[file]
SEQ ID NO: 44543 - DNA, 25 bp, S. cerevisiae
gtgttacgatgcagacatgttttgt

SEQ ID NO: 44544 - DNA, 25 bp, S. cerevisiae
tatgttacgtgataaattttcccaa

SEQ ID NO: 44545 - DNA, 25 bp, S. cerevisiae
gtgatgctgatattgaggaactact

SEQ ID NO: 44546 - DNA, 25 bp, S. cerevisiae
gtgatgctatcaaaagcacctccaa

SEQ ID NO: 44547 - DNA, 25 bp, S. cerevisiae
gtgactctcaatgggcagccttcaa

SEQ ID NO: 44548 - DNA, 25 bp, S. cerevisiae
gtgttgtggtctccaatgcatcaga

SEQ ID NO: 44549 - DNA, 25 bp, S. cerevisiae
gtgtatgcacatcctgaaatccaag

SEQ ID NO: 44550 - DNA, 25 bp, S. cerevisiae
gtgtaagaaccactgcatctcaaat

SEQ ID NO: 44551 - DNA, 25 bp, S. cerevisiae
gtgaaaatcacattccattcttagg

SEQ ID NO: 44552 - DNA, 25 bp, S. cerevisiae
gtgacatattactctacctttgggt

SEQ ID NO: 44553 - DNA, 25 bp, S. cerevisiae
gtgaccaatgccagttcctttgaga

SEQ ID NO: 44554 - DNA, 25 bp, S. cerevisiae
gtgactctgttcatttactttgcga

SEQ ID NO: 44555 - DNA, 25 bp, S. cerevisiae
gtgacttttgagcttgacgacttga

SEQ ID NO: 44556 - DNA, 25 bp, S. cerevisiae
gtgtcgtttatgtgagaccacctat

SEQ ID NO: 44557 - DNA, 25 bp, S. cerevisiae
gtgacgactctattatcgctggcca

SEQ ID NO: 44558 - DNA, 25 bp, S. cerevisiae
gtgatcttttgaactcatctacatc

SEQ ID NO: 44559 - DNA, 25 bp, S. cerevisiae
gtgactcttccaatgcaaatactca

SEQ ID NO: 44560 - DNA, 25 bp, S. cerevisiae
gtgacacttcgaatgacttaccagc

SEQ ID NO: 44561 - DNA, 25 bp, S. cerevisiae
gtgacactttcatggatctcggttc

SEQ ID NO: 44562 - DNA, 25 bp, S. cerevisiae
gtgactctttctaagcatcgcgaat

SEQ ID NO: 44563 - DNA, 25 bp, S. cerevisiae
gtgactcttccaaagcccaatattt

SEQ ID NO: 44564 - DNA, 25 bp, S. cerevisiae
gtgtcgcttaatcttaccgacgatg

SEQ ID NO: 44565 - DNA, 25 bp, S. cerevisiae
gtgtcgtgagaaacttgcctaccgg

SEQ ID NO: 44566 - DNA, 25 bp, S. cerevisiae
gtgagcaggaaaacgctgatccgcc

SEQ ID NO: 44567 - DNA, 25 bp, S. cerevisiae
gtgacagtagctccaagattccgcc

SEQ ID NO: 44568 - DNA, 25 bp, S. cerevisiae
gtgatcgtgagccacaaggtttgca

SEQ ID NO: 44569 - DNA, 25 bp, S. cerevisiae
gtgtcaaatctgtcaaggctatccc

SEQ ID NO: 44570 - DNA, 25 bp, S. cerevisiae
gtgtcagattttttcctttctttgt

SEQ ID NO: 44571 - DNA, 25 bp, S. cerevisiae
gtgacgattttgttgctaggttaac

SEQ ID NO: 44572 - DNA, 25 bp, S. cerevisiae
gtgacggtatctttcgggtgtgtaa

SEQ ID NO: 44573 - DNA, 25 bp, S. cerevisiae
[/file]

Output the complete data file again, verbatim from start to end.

SEQ ID NO: 44543 - DNA, 25 bp, S. cerevisiae
gtgttacgatgcagacatgttttgt

SEQ ID NO: 44544 - DNA, 25 bp, S. cerevisiae
tatgttacgtgataaattttcccaa

SEQ ID NO: 44545 - DNA, 25 bp, S. cerevisiae
gtgatgctgatattgaggaactact

SEQ ID NO: 44546 - DNA, 25 bp, S. cerevisiae
gtgatgctatcaaaagcacctccaa

SEQ ID NO: 44547 - DNA, 25 bp, S. cerevisiae
gtgactctcaatgggcagccttcaa

SEQ ID NO: 44548 - DNA, 25 bp, S. cerevisiae
gtgttgtggtctccaatgcatcaga

SEQ ID NO: 44549 - DNA, 25 bp, S. cerevisiae
gtgtatgcacatcctgaaatccaag

SEQ ID NO: 44550 - DNA, 25 bp, S. cerevisiae
gtgtaagaaccactgcatctcaaat

SEQ ID NO: 44551 - DNA, 25 bp, S. cerevisiae
gtgaaaatcacattccattcttagg

SEQ ID NO: 44552 - DNA, 25 bp, S. cerevisiae
gtgacatattactctacctttgggt

SEQ ID NO: 44553 - DNA, 25 bp, S. cerevisiae
gtgaccaatgccagttcctttgaga

SEQ ID NO: 44554 - DNA, 25 bp, S. cerevisiae
gtgactctgttcatttactttgcga

SEQ ID NO: 44555 - DNA, 25 bp, S. cerevisiae
gtgacttttgagcttgacgacttga

SEQ ID NO: 44556 - DNA, 25 bp, S. cerevisiae
gtgtcgtttatgtgagaccacctat

SEQ ID NO: 44557 - DNA, 25 bp, S. cerevisiae
gtgacgactctattatcgctggcca

SEQ ID NO: 44558 - DNA, 25 bp, S. cerevisiae
gtgatcttttgaactcatctacatc

SEQ ID NO: 44559 - DNA, 25 bp, S. cerevisiae
gtgactcttccaatgcaaatactca

SEQ ID NO: 44560 - DNA, 25 bp, S. cerevisiae
gtgacacttcgaatgacttaccagc

SEQ ID NO: 44561 - DNA, 25 bp, S. cerevisiae
gtgacactttcatggatctcggttc

SEQ ID NO: 44562 - DNA, 25 bp, S. cerevisiae
gtgactctttctaagcatcgcgaat

SEQ ID NO: 44563 - DNA, 25 bp, S. cerevisiae
gtgactcttccaaagcccaatattt

SEQ ID NO: 44564 - DNA, 25 bp, S. cerevisiae
gtgtcgcttaatcttaccgacgatg

SEQ ID NO: 44565 - DNA, 25 bp, S. cerevisiae
gtgtcgtgagaaacttgcctaccgg

SEQ ID NO: 44566 - DNA, 25 bp, S. cerevisiae
gtgagcaggaaaacgctgatccgcc

SEQ ID NO: 44567 - DNA, 25 bp, S. cerevisiae
gtgacagtagctccaagattccgcc

SEQ ID NO: 44568 - DNA, 25 bp, S. cerevisiae
gtgatcgtgagccacaaggtttgca

SEQ ID NO: 44569 - DNA, 25 bp, S. cerevisiae
gtgtcaaatctgtcaaggctatccc

SEQ ID NO: 44570 - DNA, 25 bp, S. cerevisiae
gtgtcagattttttcctttctttgt

SEQ ID NO: 44571 - DNA, 25 bp, S. cerevisiae
gtgacgattttgttgctaggttaac

SEQ ID NO: 44572 - DNA, 25 bp, S. cerevisiae
gtgacggtatctttcgggtgtgtaa

SEQ ID NO: 44573 - DNA, 25 bp, S. cerevisiae